Yeah, I would say that it’s probably a campaign tactic, which is pretty typical for Biden. Biden’s response to anyone to the right of him who is attacking him from the right has always been to move right.
Which is actually one of the– In the book, I argued one of the dangers of nominating someone like that, someone whose only response to right-wing attacks is to pivot right again. Perhaps he will turn over a new leaf if and when he wins the presidency, but we’ll have to see that.
The other point about this is that this idea of competing with China, you know, going green, but also making the center of this kind of competitive economic strategy, that’s a pretty typical standard Washington kind of view.
Honestly, during the primary campaign, I didn’t really see anyone articulate any sort of realistic vision for what actual climate policy will look like other than Bernie Sanders. Even Elizabeth Warren kind of couched her plan in terms of competing with the rest of the world in terms of the kind of making the United States this big exporter. And so, yeah, you’re right, unless there’s cooperation with China, but even with countries like Russia and loads of others, obviously, the big polluters, unless that happens, all these plans are very nice. And even if they get achieved, it will ultimately not mean anything.
You know, again, I think we talked about before, but I think a lot of this is going to depend on who does Biden pick to actually run his administration. You know, I think that’s going to tell you a lot about what kind of foreign policy he’s going to pick, whether on Biden a kind of cooperative foreign policy to take a global approach to solve the climate crisis is actually going to happen or whether it’s going to be more of the Obama administration.
What do you make of Susan Rice as either VP or secretary of state?
Well, you know, Susan Rice on the hawkish end of the Democratic foreign policy debate, you know, so I think we can expect probably a lot of tough stuff against Russia. I think Biden has said as much as well, to create a contrast with Trump saying, “Well, you know, Trump doesn’t go hard with Russia, I will”. It sounds very good. Unfortunately, the reality is that the US Russia relationship was it’s been terrible for a long time, even before the hacking, which itself was a response to the provocations by the United States. And it’s all well and good to kind of come in and says, I’m going to be tough on Russia.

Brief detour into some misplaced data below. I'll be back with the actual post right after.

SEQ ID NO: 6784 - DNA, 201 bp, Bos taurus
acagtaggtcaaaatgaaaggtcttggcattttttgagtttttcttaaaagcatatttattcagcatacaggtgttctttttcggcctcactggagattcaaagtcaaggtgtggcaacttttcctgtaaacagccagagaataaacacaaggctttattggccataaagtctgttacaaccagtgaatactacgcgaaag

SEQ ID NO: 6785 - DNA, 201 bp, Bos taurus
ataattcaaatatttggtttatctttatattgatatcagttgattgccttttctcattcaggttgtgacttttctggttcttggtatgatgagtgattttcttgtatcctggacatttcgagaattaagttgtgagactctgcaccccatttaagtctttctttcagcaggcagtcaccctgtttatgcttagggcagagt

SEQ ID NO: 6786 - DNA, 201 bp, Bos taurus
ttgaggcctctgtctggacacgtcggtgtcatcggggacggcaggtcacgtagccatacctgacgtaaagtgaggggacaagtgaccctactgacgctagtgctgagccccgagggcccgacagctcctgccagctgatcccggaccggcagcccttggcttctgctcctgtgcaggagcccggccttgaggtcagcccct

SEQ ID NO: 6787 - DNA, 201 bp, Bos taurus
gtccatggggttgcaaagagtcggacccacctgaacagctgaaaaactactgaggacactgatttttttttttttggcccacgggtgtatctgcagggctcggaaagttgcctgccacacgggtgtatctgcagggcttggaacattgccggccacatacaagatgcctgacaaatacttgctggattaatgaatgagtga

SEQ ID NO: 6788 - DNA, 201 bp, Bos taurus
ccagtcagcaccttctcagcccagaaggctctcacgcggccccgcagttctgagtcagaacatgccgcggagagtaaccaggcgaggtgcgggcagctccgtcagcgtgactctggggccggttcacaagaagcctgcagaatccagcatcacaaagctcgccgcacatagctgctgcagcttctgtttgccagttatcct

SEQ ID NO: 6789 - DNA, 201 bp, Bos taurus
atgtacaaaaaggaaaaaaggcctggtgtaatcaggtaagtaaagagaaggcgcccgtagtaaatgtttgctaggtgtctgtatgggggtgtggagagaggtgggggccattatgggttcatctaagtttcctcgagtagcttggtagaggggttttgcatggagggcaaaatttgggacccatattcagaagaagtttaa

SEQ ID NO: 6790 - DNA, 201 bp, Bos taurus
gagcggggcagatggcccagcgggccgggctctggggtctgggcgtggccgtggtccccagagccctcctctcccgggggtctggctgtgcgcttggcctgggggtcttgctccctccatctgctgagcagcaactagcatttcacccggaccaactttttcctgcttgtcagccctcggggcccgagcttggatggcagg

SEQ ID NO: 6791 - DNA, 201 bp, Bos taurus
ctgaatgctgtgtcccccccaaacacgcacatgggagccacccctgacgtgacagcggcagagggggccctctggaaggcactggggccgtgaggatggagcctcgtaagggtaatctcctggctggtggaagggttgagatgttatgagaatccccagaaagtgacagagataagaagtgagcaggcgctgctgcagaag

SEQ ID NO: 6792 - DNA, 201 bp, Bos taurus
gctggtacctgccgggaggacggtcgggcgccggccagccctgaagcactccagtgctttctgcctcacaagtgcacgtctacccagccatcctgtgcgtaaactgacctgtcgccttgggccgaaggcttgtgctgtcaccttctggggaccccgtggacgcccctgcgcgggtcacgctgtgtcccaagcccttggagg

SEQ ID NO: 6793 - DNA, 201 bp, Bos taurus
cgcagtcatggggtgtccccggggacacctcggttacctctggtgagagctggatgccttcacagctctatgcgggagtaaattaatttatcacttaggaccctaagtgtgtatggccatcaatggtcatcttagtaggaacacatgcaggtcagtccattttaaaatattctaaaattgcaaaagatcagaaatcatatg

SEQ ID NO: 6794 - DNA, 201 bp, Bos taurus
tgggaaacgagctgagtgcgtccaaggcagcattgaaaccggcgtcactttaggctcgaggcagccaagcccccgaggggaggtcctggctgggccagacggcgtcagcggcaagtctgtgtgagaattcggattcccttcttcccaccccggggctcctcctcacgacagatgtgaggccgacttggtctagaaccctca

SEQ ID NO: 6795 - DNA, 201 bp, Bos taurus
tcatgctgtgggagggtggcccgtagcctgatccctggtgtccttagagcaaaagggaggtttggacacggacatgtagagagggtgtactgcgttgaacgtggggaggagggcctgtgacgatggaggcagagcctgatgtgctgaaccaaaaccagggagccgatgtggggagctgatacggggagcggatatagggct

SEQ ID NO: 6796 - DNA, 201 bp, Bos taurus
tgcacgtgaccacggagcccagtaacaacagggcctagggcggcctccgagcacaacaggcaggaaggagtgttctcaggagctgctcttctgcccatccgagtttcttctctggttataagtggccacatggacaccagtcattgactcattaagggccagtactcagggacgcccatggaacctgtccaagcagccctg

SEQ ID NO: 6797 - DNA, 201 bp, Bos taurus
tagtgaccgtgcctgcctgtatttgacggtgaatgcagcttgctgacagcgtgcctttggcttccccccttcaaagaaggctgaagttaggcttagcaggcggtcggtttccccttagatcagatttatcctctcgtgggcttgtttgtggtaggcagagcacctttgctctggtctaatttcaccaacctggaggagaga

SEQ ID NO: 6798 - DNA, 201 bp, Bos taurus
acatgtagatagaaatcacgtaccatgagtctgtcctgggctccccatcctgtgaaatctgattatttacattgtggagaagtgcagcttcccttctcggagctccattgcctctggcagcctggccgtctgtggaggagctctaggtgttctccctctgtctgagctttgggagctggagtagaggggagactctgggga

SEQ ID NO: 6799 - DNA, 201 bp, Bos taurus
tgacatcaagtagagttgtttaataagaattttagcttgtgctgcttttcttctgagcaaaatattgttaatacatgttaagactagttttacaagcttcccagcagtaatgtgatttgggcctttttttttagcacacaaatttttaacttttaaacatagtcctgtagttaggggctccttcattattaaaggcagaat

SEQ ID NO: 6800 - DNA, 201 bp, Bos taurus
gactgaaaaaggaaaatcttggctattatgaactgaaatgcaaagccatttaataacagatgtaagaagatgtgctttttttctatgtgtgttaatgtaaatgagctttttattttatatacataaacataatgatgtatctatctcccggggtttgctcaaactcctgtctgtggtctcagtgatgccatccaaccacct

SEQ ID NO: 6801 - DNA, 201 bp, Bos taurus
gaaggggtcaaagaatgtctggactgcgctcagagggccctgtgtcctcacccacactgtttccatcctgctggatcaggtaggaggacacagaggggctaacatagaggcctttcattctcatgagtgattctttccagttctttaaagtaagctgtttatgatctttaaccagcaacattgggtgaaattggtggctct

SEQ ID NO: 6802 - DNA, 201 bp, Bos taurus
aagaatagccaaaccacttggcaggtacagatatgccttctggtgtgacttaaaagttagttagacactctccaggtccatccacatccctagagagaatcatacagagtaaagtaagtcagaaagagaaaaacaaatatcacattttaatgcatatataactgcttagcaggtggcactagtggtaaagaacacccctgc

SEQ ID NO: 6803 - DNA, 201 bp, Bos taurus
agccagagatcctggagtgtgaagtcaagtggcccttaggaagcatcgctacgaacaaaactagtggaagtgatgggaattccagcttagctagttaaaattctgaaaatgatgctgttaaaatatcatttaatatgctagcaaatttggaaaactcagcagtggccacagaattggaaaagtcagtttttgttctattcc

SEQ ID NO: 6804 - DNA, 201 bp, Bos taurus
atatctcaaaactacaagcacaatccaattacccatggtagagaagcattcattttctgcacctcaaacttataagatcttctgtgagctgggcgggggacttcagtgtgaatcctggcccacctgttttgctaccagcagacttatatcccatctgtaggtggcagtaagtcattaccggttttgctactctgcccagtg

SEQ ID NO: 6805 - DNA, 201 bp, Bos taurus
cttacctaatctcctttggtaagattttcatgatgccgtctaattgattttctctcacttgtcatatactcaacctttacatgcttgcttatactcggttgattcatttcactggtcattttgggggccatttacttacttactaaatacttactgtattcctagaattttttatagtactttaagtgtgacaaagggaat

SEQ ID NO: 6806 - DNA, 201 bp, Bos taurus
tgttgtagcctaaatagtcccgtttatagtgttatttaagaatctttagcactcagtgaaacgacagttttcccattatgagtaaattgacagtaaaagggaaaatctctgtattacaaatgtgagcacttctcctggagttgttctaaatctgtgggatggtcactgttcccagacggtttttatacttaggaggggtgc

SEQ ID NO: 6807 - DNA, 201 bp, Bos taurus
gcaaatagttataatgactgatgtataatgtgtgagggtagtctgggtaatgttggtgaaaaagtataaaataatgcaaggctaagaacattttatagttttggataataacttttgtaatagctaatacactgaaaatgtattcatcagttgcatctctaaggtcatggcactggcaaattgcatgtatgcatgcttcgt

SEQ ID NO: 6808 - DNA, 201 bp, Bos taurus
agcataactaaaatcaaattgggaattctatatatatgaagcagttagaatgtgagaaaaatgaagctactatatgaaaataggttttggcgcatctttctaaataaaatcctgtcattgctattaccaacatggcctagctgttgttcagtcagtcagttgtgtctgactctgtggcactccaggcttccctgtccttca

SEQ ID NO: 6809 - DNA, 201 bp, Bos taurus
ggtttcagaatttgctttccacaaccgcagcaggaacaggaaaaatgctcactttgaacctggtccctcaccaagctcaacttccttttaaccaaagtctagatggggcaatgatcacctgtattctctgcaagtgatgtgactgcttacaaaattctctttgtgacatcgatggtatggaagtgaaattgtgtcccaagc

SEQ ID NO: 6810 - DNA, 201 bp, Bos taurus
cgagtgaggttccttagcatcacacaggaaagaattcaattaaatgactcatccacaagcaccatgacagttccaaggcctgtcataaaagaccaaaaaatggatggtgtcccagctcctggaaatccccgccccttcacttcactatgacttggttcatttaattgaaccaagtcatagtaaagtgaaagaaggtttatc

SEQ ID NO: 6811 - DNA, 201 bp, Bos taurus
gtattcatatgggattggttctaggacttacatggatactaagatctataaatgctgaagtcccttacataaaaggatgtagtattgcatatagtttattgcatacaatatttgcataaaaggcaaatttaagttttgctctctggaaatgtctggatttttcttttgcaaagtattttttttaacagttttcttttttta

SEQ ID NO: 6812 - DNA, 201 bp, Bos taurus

But the problem is that these are two heavily nuclear-armed countries that have obviously a history of nearly coming to blows, you know, to say the least. And right now, the political climate is such, it’s been this way for four years, that even floating the idea of having a cooperative relationship or at least tamping down tensions with Russia is a good thing, and certainly what the world should aim for it has kind of been delegitimized.
So I think that’s what we can look forward to with that. I mean, another person to watch for is Michèle Flournoy. She was in 2016, floated to be Hillary Clinton’s secretary of state. She is now at a think tank, obviously, that didn’t work out. But I’ve heard some things that maybe she could be in the running for a similar position again. And if so, Flournoy has written in the past about the idea of a centering US security and economic security, and basing it on becoming an even bigger exporter of fossil fuels. So Michele Flournoy gets in there will not be a great sign for, you know, preventing the climate crisis.
But I think, you know, all this points to why people with Biden, if and when Biden wins and Trump is out, people cannot just simply sort of, you know, go back to brunch, as people have been saying over the last four years. People are going to have to resist and to pressure Biden as much as they have Trump otherwise it’s going to be very easy for him to do a lot of terrible, terrible things.
I think they’re going to have to pressure Biden more than Trump because, with Trump, there was very little chance of actually influencing any policy. But Biden needs to hear the footsteps in the streets. His natural inclination will be to succumb to the pressures of both financing the military-industrial complex and so on. He’s got to feel practical I mean, terrorized is too strong a word, but he’s got to really feel that the people are ready for massive change.
And this accommodation he did with the left-wing of the party, putting AOC on the climate task force and, you know, making these deals with Bernie to make it sort of appeasing the left of the party if he forgets all that once he’s elected. And he’s very likely to certainly Obama promised all kinds of stuff to the unions, the Employee Free Choice Act, but just completely disappeared once he was elected. His natural inclination will be, as you say in the book and in the interview, ” just to get along” and to get along with more, quote-unquote, centrist Republicans.